Columbia Law School (often referred to as Columbia Law or CLS) is a professional graduate school of Columbia University, a member of the Ivy League. It has always been ranked in the top five law schools in the United States by U.S. News and World Report. Columbia is especially well known for its strength in corporate law and its placement power in the nation's elite law firms.
Columbia Law School was founded in 1858 as the Columbia College Law School, and was known for its legal scholarship dating back to the 18th century. Graduates of the university's colonial predecessor, King's College, include such notable early-American legal figures as John Jay, the first chief justice of the United States, and Alexander Hamilton, the first Secretary of the Treasury, who were both co-authors of The Federalist Papers.
Columbia has produced a large number of distinguished alumni, including US presidents Teddy Roosevelt and Franklin Delano Roosevelt; nine justices of the Supreme Court of the United States; numerous U.S. Cabinet members and presidential advisers; US senators; representatives; governors; and more members of the Forbes 400 than any other law school in the world.
According to Columbia Law School's 2013 ABA-required disclosures; 95% of the Class of 2013 obtained full-time, long-term, JD-required employment within nine months of graduation, with the 25th percentile median, and 75th percentile starting salary for graduates all being $180,000 (including the standard first year associate bonus of $15,000, this figure rises to $195,000). The law school was ranked #1 of all law schools nationwide by the National Law Journal in terms of sending the highest percentage of 2015 graduates to the largest 100 law firms in the US (52.6%).
|Columbia Law School|
|Parent school||Columbia University in the City of New York|
|Endowment||$450 million (2018)|
|Parent endowment||US $ 10.0 billion|
|Location||New York City, New York, U.S.|
|USNWR ranking||5th (2018)|
|Bar pass rate||95.6%|
|ABA profile||Columbia Law School Profile|
The teaching of law at Columbia reaches back to the 18th century. Graduates of the university's colonial predecessor, King's College, included such notable early American judicial figures as John Jay, who would later become the first Chief Justice of the United States. Columbia College appointed its first professor of law, James Kent, in 1793. The lectures of Chancellor Kent in the course of four years had developed into the first two volumes of his Commentaries, the second volume being published November 1827. Kent did not, however, succeed in establishing a law school or department in the College. Thus, the formal instruction of law as a course of study did not commence until the middle of the 19th century.
The Columbia College Law School, as it was then officially called, was founded in 1858. The first law school building was a Gothic Revival structure located on Columbia's Madison Avenue campus. Thereafter, the college became Columbia University and moved north to the neighborhood of Morningside Heights. As Columbia Law Professor Theodore Dwight observed, at its founding the demand for a formal course of study in law was still speculative:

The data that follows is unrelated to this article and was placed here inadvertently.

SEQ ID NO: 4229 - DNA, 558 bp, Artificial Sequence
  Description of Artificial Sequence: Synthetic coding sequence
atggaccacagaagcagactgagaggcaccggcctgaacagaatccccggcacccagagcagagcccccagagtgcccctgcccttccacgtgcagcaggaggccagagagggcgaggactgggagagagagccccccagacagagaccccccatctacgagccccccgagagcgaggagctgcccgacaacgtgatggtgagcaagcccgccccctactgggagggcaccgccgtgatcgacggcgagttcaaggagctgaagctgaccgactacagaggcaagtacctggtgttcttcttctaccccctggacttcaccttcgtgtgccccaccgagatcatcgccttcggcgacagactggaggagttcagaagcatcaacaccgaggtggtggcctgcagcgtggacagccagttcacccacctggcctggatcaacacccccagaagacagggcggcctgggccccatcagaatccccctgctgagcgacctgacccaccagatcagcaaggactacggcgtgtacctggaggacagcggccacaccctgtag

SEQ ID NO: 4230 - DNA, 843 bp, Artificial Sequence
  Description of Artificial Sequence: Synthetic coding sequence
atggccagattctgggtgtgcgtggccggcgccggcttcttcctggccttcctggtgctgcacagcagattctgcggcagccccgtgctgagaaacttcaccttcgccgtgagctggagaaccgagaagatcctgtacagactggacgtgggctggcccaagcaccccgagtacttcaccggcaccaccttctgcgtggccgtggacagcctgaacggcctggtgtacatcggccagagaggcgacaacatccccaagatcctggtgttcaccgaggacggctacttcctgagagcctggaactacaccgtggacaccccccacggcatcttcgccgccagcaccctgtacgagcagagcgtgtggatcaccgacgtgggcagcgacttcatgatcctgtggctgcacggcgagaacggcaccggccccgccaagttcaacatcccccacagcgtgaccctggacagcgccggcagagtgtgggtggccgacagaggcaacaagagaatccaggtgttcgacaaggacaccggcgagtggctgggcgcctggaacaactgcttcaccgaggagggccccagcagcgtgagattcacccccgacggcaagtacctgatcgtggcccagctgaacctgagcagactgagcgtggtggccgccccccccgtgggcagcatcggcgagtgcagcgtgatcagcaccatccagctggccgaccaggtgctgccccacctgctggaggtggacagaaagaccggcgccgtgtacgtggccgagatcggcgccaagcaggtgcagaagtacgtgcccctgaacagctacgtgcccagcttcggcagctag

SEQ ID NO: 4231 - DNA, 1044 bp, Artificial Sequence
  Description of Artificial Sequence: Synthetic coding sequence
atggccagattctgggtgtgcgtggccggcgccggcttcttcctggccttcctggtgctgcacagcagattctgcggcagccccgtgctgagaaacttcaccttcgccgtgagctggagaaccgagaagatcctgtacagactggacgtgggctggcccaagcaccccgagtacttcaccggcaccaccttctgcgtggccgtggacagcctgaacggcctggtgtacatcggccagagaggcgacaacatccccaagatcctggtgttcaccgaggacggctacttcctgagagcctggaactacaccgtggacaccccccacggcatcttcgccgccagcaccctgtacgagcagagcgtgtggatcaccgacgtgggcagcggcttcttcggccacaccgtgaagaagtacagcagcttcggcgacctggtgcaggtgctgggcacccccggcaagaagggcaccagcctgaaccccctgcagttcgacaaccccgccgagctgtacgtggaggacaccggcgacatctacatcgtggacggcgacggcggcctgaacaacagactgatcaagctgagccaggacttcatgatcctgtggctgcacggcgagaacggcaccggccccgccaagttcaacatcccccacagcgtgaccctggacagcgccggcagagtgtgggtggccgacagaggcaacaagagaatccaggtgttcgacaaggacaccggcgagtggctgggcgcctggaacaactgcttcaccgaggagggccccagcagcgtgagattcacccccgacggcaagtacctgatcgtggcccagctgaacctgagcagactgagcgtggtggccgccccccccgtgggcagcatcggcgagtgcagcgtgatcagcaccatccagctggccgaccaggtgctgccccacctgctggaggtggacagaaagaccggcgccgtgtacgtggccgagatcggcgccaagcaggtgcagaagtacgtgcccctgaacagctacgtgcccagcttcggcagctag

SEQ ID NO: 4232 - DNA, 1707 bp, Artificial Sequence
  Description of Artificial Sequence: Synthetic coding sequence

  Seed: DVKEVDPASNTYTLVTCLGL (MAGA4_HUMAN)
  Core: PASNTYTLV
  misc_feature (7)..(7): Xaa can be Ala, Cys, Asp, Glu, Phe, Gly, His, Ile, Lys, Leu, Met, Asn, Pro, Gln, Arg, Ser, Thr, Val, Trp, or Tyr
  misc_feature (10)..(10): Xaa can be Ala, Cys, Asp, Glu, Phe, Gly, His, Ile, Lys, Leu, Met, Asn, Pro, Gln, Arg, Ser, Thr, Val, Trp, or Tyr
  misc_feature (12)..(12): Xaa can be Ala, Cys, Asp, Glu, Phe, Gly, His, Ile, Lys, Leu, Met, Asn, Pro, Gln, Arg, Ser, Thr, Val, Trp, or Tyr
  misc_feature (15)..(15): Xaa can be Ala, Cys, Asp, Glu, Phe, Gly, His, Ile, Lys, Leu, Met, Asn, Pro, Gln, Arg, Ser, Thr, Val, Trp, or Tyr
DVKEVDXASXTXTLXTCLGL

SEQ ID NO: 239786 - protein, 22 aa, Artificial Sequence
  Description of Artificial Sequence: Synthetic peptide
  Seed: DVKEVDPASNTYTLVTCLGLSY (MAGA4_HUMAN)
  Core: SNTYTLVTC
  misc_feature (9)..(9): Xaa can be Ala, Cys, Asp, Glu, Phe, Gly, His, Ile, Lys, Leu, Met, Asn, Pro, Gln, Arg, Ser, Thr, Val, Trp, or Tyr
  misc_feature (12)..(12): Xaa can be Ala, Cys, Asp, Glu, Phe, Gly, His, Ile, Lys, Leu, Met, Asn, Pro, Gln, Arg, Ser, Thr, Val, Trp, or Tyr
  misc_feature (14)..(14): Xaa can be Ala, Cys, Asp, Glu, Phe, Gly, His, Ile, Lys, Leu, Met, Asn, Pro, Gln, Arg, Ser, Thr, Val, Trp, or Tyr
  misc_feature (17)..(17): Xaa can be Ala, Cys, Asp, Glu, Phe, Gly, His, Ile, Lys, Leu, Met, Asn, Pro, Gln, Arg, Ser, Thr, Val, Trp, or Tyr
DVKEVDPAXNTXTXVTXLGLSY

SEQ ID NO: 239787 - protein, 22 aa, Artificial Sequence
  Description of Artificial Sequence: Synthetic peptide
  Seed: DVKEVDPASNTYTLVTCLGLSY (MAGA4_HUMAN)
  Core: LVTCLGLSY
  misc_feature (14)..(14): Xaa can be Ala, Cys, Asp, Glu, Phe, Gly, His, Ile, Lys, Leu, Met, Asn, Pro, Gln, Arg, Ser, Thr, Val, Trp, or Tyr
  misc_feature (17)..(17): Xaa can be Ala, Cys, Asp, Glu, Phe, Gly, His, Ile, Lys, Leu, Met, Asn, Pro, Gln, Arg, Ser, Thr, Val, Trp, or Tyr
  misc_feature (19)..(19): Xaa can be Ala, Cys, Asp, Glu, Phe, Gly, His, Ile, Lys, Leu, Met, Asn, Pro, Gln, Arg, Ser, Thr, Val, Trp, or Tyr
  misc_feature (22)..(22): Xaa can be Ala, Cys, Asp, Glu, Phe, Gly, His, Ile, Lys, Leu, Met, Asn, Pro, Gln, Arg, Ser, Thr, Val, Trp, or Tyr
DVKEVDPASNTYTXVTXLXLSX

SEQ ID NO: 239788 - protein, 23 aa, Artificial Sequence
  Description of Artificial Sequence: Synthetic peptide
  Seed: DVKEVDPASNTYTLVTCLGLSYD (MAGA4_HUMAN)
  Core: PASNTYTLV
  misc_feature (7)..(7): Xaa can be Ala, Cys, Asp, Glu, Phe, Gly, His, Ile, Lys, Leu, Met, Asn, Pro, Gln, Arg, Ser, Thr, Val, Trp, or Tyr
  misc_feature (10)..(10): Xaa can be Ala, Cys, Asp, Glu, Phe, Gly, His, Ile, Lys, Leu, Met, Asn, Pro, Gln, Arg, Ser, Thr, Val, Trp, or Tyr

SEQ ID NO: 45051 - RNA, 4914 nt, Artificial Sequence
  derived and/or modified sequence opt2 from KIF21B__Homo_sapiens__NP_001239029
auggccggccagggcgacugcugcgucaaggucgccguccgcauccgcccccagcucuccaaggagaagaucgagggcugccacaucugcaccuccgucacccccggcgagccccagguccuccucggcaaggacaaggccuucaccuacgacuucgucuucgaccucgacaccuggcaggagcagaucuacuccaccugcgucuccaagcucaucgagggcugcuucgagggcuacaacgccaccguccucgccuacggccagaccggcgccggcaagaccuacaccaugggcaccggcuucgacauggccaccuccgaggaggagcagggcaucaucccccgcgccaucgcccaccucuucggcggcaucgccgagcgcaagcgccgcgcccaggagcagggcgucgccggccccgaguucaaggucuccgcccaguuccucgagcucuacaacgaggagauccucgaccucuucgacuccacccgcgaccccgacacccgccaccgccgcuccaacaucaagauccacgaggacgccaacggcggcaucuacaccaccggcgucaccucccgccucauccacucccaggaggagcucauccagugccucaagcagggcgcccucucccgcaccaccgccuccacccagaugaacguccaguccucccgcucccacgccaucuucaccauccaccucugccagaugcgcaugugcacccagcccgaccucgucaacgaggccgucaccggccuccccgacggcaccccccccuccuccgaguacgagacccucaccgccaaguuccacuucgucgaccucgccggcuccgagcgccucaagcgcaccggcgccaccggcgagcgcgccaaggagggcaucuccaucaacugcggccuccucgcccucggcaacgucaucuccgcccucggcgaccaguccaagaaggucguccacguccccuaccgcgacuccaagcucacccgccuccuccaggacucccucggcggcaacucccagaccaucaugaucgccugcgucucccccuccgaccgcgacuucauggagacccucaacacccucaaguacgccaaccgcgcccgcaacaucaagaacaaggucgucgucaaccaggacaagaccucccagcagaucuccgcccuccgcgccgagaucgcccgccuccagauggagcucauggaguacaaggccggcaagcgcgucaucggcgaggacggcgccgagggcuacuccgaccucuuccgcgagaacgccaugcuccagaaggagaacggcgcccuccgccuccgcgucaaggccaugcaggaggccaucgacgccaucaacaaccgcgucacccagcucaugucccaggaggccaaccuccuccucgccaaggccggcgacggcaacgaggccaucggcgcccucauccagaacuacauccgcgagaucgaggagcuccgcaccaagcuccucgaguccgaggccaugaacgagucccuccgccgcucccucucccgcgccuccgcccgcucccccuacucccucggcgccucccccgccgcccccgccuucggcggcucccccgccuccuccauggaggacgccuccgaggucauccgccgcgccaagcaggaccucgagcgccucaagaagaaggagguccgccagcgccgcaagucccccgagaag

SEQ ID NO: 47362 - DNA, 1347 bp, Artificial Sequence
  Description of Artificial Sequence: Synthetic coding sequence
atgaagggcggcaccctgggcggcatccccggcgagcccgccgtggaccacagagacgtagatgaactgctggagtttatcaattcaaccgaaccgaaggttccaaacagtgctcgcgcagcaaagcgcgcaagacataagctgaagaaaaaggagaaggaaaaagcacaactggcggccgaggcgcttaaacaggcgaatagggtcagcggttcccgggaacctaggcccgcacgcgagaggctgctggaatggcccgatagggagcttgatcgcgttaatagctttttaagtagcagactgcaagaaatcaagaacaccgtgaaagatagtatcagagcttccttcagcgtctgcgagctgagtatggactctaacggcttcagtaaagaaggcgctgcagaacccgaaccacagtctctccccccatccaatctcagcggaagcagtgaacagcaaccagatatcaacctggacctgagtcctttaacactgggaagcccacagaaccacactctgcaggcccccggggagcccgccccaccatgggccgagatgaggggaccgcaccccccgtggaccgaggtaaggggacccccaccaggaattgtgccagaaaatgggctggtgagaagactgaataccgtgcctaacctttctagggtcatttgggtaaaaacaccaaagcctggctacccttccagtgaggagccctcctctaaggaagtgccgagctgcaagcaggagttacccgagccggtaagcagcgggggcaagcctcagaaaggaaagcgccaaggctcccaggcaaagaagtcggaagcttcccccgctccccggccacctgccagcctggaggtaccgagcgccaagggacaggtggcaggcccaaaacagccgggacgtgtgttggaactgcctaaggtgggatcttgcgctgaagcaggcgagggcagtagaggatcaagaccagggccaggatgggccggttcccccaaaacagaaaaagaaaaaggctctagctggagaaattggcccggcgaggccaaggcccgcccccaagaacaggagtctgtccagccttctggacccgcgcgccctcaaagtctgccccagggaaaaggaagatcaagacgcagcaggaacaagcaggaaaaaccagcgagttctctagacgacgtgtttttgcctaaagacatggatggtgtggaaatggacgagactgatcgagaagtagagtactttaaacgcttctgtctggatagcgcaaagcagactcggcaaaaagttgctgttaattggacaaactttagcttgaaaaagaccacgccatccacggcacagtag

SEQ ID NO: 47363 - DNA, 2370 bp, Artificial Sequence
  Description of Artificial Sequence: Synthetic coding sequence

It was considered at that time mainly as an experiment. No institution resembling a law school had ever existed in New York. Most of the leading lawyers had obtained their training in offices or by private reading, and were highly skeptical as to the possibility of securing competent legal knowledge by means of professional schools. Legal education was, however, at a very low ebb. The clerks in the law offices were left almost wholly to themselves. Frequently they were not even acquainted with the lawyers with whom, by a convenient fiction, they were supposed to be studying. Examinations for admission to the bar were held by committees appointed by the courts, who, where they inquired at all, sought for the most part to ascertain the knowledge of the candidate of petty details of practice. In general, the examinations were purely perfunctory. A politician of influence was not readily turned away. Few studied law as a science; many followed it as a trade or as a convenient ladder whereby to rise in a political career."
Indeed, Columbia Law School was one of the few law schools established in the United States before the Civil War. During the 18th and 19th centuries, most legal education took place in law offices, where young men, serving as apprentices or clerks, were set to copying documents and filling out legal forms under the supervision of an established attorney. For example, in New York John Jay, revolutionary founding father and first Chief Justice of the Supreme Court of the United States, read law with Benjamin Kissam, whose busy practice kept his clerks occupied in transcribing records, pleadings, and opinions. Jay was fortunate to have attentive supervision because the quality and time of learning the law varied greatly within the profession. Theodore Dwight, who had been head of the law department of Hamilton College in Clinton, New York, believed formal legal education, conducted in the classroom with regular lectures, was far superior to casual law office instruction.